App only works properly when ?debug_mode=true appended to URL

So I’m 99% certain that this is a bug but wanted to ask if anyone else has encountered it. Basically my application only runs properly when you append ?debug_mode=true in the URL.

I found this thread which seems like a similar issue. But what does the debugger actually do that would change the behavior of the application though? My understanding is that it’s purely an inspectional tool (not an interventional one) that shows what’s happening under the hood at each step.

At this point I’ve narrowed it down to a custom state on the page that’s failing to set properly via a workflow triggered on page load. Without debugger it doesn’t happen. With debugger on it does this properly.

If I understood better what the debugger is doing interventionally I could potentially make a workaround but the catch-22 here is that it’s not possible to debug anything because enabling the debugger makes it work properly. Does debugger maybe bust Cloudflare’s cache in some way? Pierce through privacy rules? Cause workflows to execute in a different order? Change the behavior of how custom states preserve variables? It seems to be doing one of those things. Is there maybe a way for me to programmatically invoke whatever sorcery the debugger is doing so that the app behaves that way without it?

If anyone wants to see this reproduced I made this Loom vid for their support:

or you can try yourself here:

(append &debug_mode=true to the URL to see the proper behavior where it retains the filter settings)

I’ve submitted as a bug to Bubble as I don’t think the presence of the debugger should alter the behavior of the app. Would love any ideas though for what could be the culprit and therefore what workaround might solve it. Thanks.

Sean

So I didn’t check your video as I’m not around a PC atm but typically when this happens you have actions running out of sync and it’s a timing thing.

Typically a way to fix it is move part of the action being skipped to a custom event or set states for “finished = yes/no” to run next step.

It’s rare these things happen and are quite annoying but there are ways around them.

Running debug and step by step will tend to slow down action execution and make them run in sync.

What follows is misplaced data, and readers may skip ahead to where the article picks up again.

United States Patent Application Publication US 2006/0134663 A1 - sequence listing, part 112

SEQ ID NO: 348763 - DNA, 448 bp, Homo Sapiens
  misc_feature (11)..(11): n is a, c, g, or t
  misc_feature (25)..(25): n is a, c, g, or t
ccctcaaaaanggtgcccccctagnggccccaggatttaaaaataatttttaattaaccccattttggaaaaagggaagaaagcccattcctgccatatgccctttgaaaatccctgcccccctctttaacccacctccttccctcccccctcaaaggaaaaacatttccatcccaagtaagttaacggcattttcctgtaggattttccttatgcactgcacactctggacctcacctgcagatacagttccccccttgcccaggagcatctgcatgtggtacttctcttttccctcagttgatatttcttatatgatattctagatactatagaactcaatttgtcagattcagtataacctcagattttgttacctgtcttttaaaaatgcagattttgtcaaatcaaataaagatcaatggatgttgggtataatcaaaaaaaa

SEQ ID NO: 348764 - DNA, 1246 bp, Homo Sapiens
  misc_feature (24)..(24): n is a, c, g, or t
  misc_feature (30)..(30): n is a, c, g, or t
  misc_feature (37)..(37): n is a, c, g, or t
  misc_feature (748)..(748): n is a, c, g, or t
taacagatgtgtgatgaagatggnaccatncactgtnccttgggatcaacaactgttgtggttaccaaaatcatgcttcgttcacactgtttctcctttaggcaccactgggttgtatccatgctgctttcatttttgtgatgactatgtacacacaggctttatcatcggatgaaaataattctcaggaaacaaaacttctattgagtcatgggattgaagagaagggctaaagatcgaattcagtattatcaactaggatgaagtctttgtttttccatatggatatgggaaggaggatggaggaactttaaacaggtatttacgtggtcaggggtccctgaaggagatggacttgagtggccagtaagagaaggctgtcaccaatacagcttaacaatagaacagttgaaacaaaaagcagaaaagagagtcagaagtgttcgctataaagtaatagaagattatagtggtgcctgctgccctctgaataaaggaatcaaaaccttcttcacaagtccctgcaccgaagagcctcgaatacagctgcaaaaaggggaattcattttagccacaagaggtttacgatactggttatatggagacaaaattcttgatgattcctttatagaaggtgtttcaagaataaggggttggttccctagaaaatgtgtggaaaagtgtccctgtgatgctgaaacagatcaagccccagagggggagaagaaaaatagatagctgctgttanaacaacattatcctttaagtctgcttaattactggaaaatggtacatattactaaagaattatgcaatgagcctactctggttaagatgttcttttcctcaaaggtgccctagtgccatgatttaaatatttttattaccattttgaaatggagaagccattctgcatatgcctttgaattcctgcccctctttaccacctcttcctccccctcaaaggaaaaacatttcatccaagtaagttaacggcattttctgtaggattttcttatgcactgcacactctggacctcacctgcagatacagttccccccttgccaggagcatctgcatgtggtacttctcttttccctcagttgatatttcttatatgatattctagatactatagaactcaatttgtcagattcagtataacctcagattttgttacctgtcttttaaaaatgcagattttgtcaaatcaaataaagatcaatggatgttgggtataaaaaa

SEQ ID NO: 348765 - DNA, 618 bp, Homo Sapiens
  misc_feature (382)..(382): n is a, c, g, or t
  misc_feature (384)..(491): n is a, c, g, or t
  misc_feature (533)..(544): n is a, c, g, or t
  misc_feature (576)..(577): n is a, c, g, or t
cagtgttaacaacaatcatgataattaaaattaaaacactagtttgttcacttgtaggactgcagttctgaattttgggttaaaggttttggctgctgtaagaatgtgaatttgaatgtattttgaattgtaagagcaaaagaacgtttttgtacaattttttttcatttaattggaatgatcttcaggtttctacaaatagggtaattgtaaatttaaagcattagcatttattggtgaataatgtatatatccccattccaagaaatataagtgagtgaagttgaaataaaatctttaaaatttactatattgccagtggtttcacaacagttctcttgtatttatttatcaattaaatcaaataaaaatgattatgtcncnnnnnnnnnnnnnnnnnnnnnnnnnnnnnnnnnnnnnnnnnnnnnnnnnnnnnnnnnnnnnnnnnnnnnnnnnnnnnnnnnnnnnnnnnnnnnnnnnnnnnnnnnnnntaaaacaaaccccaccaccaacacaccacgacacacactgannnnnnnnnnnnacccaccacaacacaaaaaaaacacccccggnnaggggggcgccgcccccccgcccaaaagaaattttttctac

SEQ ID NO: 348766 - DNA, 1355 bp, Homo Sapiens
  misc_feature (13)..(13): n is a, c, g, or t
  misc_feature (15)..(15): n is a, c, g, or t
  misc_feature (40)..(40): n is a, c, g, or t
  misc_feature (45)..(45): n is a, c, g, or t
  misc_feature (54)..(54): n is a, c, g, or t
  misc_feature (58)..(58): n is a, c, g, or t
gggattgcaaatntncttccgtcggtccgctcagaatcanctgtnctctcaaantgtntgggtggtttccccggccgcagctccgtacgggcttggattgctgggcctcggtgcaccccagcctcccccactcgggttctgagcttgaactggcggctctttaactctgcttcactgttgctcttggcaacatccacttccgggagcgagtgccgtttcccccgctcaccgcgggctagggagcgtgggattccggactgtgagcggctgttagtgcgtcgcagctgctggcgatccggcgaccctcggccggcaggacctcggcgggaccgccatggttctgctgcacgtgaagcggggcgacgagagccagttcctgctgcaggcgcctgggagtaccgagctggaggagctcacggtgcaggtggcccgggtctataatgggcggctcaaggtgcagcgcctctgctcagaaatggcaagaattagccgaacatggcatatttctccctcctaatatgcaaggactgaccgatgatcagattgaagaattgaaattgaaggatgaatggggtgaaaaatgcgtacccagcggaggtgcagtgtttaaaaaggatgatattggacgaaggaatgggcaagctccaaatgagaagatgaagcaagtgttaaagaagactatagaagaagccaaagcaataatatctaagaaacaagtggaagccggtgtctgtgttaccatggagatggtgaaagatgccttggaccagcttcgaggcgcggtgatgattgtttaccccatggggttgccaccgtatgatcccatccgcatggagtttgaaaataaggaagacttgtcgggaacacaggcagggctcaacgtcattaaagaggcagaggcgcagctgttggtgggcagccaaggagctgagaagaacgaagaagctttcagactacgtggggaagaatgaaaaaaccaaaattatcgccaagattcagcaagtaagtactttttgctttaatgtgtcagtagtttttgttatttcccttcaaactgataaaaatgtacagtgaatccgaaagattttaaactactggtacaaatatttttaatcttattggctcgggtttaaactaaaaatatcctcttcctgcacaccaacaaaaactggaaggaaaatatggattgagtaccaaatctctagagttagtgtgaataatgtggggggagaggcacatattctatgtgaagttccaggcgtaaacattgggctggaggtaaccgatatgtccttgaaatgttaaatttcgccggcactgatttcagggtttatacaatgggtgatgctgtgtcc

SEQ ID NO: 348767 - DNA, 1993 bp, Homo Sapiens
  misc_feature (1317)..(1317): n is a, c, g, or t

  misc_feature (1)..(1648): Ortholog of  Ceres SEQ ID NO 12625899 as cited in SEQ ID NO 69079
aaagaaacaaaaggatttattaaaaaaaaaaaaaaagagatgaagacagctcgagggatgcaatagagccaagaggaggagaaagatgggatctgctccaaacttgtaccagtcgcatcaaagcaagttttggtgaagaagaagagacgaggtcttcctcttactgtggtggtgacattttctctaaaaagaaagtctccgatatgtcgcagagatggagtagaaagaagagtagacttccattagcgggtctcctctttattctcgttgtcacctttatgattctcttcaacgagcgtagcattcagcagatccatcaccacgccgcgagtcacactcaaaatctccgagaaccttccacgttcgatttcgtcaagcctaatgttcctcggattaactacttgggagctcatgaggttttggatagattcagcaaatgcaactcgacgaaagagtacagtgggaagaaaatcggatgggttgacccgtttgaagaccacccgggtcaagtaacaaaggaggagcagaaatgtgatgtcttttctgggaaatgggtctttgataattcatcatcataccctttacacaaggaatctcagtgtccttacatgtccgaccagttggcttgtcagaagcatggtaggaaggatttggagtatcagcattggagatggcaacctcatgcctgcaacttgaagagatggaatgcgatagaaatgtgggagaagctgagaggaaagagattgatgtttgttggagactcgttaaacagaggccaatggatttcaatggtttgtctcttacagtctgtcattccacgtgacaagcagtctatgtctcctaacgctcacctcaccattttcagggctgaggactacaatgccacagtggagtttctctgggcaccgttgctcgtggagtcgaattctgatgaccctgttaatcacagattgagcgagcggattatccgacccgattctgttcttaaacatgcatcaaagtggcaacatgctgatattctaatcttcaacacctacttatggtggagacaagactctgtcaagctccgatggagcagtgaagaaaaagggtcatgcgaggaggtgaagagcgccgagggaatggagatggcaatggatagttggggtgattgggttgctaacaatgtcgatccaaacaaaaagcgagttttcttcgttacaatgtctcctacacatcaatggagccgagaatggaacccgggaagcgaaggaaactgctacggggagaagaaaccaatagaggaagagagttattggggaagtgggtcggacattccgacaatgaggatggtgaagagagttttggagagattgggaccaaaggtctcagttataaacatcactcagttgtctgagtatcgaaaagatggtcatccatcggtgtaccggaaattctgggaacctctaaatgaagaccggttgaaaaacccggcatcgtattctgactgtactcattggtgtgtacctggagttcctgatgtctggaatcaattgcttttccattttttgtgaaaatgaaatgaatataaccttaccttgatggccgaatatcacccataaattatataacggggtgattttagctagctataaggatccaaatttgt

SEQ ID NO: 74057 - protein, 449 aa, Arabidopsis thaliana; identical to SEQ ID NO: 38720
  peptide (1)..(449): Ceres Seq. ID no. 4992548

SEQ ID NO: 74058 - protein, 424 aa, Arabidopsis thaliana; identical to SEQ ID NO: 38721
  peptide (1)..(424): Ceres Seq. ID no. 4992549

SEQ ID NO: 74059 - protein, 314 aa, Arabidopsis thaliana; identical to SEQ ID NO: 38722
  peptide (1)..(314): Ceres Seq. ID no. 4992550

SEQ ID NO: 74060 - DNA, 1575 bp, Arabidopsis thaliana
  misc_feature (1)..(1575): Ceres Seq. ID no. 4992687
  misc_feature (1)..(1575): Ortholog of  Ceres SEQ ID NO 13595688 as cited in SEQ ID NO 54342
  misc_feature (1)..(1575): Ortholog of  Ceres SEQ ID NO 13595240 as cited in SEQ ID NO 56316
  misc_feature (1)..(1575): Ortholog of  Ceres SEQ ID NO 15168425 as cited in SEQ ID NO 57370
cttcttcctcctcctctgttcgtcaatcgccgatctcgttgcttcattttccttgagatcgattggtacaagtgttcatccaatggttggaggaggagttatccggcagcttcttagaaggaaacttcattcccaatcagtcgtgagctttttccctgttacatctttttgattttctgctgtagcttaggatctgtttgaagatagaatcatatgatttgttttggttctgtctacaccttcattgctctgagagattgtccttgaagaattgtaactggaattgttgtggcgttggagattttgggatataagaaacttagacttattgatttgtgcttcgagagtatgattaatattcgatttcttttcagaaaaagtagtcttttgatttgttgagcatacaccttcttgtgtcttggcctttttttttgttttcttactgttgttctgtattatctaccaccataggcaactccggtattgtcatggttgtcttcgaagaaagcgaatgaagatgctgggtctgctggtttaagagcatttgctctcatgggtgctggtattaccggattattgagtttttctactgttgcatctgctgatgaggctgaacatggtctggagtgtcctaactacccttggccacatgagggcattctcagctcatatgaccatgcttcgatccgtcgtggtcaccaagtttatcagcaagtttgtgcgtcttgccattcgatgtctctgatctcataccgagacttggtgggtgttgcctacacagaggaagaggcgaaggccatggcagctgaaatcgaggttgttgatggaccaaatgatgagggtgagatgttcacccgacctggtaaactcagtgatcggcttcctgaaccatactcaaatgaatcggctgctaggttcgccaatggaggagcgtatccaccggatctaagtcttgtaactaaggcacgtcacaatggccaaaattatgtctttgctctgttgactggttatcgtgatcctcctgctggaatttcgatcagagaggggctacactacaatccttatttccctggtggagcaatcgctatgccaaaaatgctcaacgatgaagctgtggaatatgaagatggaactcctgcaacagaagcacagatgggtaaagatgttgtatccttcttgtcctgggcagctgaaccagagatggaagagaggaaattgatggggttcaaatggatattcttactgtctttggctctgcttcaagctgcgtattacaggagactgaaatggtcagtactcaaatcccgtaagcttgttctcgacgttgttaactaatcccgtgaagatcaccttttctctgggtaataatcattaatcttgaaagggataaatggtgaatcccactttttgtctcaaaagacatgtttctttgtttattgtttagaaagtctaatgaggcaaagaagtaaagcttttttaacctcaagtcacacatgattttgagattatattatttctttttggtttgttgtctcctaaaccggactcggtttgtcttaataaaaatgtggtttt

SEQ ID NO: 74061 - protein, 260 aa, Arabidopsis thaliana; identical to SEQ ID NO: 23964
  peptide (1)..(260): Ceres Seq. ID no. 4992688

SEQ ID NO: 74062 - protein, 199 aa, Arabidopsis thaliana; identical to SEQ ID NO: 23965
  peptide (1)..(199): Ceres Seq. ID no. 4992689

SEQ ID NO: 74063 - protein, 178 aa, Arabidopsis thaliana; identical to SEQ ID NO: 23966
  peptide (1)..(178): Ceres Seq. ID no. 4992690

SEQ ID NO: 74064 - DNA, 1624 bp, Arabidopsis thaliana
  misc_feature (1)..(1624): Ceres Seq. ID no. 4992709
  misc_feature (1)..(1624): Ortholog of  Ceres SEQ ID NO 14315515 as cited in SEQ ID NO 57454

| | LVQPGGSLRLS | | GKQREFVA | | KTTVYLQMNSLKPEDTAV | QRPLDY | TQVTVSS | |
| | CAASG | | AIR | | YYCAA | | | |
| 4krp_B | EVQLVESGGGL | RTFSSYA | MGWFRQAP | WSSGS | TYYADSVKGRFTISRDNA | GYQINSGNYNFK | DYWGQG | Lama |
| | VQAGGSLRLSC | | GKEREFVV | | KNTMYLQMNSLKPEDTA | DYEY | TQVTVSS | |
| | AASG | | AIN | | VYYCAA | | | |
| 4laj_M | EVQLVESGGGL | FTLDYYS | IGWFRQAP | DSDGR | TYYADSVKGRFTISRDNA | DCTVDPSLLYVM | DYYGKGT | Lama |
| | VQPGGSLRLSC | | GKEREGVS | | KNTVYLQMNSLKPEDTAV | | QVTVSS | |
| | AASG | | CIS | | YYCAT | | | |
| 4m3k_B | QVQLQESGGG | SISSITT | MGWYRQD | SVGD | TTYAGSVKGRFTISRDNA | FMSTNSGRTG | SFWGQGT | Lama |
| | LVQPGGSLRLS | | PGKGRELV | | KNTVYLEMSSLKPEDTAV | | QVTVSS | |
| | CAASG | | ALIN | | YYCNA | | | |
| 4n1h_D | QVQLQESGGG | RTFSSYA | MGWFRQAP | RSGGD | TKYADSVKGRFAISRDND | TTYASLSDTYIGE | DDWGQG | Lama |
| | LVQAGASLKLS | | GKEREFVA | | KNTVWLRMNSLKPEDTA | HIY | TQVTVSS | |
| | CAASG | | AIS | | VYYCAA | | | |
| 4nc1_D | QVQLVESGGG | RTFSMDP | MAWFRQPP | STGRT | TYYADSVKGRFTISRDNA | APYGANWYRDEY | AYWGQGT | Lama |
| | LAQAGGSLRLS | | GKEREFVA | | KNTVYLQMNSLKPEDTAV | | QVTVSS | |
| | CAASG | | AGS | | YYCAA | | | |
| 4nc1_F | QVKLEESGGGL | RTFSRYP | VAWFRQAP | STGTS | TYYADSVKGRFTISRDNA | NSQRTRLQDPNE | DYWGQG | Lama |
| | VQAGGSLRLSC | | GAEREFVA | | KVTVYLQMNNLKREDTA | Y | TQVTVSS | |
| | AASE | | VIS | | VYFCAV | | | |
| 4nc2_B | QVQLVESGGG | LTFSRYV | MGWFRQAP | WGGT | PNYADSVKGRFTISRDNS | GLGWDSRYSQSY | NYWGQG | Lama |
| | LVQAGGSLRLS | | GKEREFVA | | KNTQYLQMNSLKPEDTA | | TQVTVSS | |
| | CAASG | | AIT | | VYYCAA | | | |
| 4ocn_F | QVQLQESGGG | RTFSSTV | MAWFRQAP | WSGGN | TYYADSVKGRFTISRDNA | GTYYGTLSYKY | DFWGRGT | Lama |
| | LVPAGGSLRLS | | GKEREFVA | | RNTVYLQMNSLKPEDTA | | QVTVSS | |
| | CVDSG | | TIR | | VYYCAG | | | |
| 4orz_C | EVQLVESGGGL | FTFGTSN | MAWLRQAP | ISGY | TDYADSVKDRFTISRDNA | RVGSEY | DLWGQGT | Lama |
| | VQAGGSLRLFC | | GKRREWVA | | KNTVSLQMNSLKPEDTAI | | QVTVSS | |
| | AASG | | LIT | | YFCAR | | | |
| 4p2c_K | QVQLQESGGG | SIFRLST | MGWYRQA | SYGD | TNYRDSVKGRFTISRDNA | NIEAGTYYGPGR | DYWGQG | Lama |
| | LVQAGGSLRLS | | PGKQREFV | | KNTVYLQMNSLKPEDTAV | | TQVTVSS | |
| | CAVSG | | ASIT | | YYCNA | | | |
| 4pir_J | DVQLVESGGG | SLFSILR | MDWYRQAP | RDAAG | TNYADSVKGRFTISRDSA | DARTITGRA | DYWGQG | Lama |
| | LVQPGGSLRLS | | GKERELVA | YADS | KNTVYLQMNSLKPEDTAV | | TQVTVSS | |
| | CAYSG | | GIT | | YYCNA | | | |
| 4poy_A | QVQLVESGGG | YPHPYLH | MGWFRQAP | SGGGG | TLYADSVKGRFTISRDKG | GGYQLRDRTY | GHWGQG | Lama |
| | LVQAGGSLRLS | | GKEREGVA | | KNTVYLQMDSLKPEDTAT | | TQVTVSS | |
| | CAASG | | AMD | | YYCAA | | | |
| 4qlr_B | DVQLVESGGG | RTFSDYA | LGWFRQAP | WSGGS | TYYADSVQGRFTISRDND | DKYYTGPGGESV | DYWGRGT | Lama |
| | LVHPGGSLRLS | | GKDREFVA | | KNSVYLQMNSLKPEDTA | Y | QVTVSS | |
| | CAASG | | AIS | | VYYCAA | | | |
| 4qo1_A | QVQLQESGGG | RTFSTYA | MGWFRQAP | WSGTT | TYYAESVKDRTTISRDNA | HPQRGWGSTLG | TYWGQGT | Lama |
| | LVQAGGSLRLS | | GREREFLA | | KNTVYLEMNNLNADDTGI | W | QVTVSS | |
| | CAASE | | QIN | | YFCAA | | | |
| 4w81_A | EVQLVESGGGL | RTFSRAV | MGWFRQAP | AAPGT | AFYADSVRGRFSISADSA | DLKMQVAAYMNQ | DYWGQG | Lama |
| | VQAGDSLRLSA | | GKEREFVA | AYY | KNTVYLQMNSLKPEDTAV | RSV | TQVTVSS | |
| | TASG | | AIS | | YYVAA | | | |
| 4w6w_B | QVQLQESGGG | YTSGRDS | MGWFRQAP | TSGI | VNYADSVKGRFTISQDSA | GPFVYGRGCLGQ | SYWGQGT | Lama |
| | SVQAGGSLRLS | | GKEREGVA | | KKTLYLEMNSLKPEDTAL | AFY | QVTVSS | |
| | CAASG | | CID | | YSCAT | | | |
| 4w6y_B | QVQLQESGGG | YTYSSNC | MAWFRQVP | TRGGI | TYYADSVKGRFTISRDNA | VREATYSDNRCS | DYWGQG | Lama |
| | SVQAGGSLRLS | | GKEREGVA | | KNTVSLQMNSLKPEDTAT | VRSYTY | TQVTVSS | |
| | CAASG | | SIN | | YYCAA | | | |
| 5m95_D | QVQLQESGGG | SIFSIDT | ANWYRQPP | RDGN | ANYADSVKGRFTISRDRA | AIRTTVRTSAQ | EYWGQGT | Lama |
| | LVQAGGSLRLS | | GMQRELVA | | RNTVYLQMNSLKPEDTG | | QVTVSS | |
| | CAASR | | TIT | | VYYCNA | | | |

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I know that its frustrating that debug_mode affects the behaviour of the app and its not a purely inspectional tool. In theory this is something that seems like a no-brainer; debug mode should not affect the functioning of the app. However adding debugging functionality to a page without affecting the rest of the page is not an easy feat for one main reason: it will slow down the app.
And this is probably what is going on here.
Your production app is encountering race conditions. Bubble workflows are asynchronous, they don’t necessarily trigger in order and there is absolutely no guarantee that they complete in order.
Debug mode is probably slowing down the app just enough so race conditions don’t cause problems.

Using custom worflows can be very helpful here, as custom workflows guarantee that all steps before it are completed, and all steps in the custom workflow are completed before the rest of the workflow runs.
Use ‘add a pause’ action to test whether its race conditions causing problems.

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@chris.williamson1996 & @nico.dicagno literally while you were responding I figured out what I believe is the culprit and a workaround that I can confirm fixes it.

I have the clan set in a reusable element (the floating header) and it has its own workflow that handles the logic for doing the private labeling of the app. The project filters are dependent on getting the “clan” custom state set in the header for executing its workflow to apply the appropriate filters for that clan.

So what I did was to put a custom state called “Header Loaded” in the reusable header element defaulting it to “no” and setting it to “yes” as the last step of its onload workflow.

Then in the projects page instead of triggering the workflow that handles the filter configuration logic on page load, I trigger it on the condition once FloatingHeader:HeaderLoaded=“yes”

That solved it and I agree with both of your assessments that likely what’s happening is the app parallelizes workflows in normal operation (perhaps for speed optimization) and the debugger somehow single-threads everything so it starts top to bottom and runs the workflows sequentially in the page.

There should likely be some kind of setting we can toggle for single-threaded vs. parallelized so at least the debugger isn’t altering the app behavior. Anyways I can confirm this workaround solves the issue and I’m all set now. I appreciate both of your help :pray:

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